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6 fintech companies in Southeast Asia to watch out for

Written by KrASIA Writers Published on     2 mins read

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Our picks feature firms that have developed services and platforms for different facets of fintech.

Fintech encompasses a broad scope of services, including payments, lending, wealth management, and blockchain infrastructure. The sector represents a new way to reach people who previously didn’t engage financial institutions for their monetary needs.

Here are six fintech service providers that may have bright futures ahead of them in Southeast Asia.

#1: Thai firm Synqa is expanding blockchain payment solutions in Southeast Asia

Synqa was the developer of the OMG network, previously known as OmiseGo, an Ethereum-based money transfer and payments tool. The platform was sold to Hong Kong-based Genesis Block Ventures last December.

Ezra Don Harinsut (left) and Jun Hasegawa have their ear on the ground for new ways to apply blockchain technology. Photo courtesy of Synqa.

#2: Robo-advisor Endowus is eyeing an expansion into Hong Kong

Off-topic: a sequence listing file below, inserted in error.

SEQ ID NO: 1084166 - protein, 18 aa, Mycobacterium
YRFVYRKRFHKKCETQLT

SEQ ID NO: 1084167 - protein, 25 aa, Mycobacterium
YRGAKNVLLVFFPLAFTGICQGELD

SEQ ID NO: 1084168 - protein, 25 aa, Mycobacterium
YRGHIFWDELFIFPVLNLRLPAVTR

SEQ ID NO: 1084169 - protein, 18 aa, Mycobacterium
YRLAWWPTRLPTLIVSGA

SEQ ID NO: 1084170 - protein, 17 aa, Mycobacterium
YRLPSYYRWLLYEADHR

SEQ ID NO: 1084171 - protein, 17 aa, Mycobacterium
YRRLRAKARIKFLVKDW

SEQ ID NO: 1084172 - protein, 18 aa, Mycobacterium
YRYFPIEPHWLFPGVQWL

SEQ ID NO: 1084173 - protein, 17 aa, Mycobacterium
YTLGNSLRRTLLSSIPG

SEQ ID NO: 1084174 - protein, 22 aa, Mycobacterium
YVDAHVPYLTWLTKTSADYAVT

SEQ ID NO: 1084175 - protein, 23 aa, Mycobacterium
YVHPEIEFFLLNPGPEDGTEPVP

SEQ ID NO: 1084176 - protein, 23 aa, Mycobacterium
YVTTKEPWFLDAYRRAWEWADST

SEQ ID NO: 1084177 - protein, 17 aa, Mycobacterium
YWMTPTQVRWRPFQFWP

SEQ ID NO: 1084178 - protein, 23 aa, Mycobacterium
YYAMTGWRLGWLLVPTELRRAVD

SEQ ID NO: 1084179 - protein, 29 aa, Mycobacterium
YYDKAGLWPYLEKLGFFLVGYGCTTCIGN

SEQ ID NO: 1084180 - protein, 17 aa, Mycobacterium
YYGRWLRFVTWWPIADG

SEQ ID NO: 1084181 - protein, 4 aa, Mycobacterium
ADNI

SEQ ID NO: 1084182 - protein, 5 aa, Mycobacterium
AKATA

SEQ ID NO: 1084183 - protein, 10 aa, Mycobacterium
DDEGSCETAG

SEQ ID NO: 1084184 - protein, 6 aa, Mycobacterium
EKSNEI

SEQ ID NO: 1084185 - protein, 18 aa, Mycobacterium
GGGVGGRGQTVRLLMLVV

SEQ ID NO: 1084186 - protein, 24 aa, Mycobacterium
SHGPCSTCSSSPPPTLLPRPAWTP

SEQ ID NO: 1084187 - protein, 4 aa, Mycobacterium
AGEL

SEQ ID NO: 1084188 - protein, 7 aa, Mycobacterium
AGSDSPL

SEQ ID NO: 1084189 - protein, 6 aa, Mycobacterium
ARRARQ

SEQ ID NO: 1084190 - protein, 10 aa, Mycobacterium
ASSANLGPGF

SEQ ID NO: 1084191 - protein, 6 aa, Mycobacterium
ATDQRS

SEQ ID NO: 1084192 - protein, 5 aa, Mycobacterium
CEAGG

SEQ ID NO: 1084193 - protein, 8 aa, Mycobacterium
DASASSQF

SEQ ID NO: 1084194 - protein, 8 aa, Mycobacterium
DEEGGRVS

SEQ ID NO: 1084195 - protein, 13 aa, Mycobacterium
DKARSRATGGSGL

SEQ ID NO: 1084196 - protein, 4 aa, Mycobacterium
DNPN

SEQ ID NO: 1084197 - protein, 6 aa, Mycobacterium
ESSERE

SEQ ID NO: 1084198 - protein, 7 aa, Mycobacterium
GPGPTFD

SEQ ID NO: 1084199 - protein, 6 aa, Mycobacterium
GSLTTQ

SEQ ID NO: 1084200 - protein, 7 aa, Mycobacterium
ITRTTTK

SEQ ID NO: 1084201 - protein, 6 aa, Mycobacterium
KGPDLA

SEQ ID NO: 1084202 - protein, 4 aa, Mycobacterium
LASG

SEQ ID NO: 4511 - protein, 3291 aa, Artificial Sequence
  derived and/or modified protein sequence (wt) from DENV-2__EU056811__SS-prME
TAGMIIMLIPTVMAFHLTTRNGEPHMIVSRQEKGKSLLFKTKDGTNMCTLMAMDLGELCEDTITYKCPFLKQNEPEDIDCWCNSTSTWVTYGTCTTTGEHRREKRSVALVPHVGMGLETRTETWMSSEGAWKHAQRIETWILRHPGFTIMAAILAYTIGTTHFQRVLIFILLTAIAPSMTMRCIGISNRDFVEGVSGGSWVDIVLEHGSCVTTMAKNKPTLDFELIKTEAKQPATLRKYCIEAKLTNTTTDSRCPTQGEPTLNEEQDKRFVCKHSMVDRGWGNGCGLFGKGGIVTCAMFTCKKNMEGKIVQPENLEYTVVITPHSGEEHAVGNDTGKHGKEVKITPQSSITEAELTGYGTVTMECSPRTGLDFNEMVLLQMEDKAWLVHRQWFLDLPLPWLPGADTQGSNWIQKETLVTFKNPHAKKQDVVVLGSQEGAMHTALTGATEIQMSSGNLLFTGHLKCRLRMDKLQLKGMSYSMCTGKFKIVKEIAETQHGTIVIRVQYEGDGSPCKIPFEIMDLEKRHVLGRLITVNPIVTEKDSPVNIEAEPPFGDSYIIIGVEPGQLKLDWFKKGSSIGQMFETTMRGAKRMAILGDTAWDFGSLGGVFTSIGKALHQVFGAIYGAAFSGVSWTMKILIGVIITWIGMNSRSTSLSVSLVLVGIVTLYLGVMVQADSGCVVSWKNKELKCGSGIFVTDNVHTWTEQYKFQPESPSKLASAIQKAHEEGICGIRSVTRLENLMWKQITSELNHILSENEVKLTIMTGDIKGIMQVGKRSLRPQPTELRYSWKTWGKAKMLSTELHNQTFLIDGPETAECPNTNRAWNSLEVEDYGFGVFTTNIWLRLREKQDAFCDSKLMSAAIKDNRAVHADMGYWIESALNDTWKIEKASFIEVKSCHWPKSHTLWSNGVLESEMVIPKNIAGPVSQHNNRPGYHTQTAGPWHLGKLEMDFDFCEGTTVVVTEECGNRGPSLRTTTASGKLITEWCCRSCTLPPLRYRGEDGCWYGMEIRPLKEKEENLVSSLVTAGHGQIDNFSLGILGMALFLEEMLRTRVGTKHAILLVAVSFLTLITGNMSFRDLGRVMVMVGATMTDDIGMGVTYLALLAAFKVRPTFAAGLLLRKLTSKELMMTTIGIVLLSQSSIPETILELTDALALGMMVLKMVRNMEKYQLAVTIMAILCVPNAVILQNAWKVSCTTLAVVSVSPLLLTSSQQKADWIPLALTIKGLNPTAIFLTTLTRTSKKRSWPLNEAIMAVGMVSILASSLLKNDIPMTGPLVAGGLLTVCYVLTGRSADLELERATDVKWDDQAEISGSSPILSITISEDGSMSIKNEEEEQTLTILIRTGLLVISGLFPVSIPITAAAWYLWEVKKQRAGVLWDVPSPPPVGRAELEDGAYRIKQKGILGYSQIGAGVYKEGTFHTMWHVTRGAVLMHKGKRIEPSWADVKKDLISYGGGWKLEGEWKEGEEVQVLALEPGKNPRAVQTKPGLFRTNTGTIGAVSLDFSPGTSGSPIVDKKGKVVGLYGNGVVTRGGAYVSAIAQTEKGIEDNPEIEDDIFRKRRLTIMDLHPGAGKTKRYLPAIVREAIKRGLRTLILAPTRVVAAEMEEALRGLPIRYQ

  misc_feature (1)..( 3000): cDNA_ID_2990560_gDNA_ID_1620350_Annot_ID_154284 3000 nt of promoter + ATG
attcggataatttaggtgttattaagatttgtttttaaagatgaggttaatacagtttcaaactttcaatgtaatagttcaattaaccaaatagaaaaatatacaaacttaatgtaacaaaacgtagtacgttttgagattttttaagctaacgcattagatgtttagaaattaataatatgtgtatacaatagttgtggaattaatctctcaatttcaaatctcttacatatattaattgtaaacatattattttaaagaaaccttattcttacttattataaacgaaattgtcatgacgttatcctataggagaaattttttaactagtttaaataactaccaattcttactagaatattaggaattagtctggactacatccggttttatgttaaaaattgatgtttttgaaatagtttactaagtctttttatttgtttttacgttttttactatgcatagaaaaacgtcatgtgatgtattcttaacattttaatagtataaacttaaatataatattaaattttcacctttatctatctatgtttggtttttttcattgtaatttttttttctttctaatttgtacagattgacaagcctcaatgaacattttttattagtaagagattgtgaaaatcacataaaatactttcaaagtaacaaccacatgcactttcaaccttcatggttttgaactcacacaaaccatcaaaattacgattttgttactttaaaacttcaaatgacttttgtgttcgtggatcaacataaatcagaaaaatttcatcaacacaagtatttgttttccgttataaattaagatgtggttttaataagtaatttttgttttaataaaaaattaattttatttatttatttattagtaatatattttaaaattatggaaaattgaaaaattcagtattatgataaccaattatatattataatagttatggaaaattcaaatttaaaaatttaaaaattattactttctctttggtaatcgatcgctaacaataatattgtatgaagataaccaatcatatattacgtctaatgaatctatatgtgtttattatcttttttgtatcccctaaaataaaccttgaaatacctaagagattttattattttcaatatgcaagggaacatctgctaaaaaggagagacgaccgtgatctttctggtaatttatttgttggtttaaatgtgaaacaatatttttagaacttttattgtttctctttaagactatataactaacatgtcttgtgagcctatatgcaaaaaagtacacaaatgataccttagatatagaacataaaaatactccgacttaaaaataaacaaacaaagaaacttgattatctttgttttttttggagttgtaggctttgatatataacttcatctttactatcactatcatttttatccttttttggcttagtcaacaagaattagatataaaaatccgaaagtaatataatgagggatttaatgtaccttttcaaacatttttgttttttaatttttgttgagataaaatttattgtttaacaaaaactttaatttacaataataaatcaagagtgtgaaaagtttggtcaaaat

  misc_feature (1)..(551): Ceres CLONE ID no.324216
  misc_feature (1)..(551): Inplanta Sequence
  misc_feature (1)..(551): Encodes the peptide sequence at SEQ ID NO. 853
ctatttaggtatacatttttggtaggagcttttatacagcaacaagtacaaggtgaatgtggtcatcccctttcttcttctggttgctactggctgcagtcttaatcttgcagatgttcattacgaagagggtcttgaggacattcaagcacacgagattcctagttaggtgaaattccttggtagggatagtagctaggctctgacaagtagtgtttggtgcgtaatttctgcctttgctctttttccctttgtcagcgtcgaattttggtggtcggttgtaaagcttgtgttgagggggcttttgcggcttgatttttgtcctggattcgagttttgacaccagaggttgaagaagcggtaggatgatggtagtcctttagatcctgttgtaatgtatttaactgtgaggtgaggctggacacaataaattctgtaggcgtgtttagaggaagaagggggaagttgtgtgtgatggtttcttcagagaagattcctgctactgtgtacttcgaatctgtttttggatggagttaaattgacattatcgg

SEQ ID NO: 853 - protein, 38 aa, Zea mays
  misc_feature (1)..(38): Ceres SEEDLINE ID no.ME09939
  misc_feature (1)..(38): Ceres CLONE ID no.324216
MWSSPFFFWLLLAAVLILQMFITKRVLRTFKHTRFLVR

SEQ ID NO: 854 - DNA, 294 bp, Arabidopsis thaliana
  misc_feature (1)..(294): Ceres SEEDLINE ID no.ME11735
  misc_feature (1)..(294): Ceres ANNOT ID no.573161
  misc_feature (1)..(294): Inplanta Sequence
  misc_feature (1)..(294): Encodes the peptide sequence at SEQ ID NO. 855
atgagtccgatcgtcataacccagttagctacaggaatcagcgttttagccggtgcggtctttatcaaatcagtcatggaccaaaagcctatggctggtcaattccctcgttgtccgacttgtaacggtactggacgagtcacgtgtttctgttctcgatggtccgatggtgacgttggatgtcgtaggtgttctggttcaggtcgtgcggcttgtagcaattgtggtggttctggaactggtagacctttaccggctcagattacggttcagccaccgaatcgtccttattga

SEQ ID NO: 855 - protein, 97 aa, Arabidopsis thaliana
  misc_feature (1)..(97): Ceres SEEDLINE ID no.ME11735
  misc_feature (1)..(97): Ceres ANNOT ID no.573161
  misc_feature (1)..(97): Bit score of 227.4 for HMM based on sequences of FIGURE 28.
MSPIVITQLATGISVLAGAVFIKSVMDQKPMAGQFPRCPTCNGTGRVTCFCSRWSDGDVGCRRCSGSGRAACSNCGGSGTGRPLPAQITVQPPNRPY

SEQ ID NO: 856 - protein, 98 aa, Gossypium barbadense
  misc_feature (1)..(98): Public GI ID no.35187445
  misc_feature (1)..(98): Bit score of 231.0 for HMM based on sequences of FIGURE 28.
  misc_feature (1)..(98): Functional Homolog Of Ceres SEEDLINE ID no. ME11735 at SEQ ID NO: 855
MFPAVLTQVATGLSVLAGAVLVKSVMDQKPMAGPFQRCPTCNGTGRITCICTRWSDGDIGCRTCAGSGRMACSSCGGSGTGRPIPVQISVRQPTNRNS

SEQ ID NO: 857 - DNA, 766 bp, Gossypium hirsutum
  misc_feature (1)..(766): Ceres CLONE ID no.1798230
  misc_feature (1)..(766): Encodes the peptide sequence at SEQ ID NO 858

Singapore’s wealth management sector is crowded, but Endowus recently snatched an investment from UBS AG, Samsung Ventures, and Singtel Innov8, making it one of the top players. It also has plans to land in Hong Kong by the end of 2021.

Endowus CEO Gregory Van (left) told KrASIA that his firm’s biggest rivals are traditional retail banks and fund management platforms. Photo courtesy of Endowus.

#3: SeedIn is helping local MSMEs with short-term financing in Philippines

SeedIn facilitates online loans funded by both retail investors and other financing partners. Even with double the interest rate of traditional bank loans, the number of companies it financed grew by 240% in 2020.

manila philippines
For now, retail investors on SeedIn enjoy attractive yields, despite the high risks and fees involved. Photo of Manila by Luca Bucken on Unsplash.

#4: MyMy is Malaysia’s first sharia-compliant neobank

MyM is one of 50 companies bidding for digital banking licenses issued by Malaysia’s central bank. Five permits will be granted in the first quarter of 2022.

MyMy
After learning of the size of Southeast Asia’s unbanked population, Joe McGuire (third from left) co-founded MyMy specifically for the region’s Muslim users. Photo courtesy of MyMy.

#5 and #6: Tonik and Unobank land digital banking licenses in the Philippines

Both companies are controlled by firms headquarterd in Singapore. Their operations in the Philippines are aimed at 71% of the country’s 72 million adult population that remains unbanked.

The Philippines’ unbanked population represents young people with a median age of 24 that are underserved by the conventional banking system. Photo source: Shutterstock.

Read this: As millions come online each year, rural Indonesia is in for monumental changes

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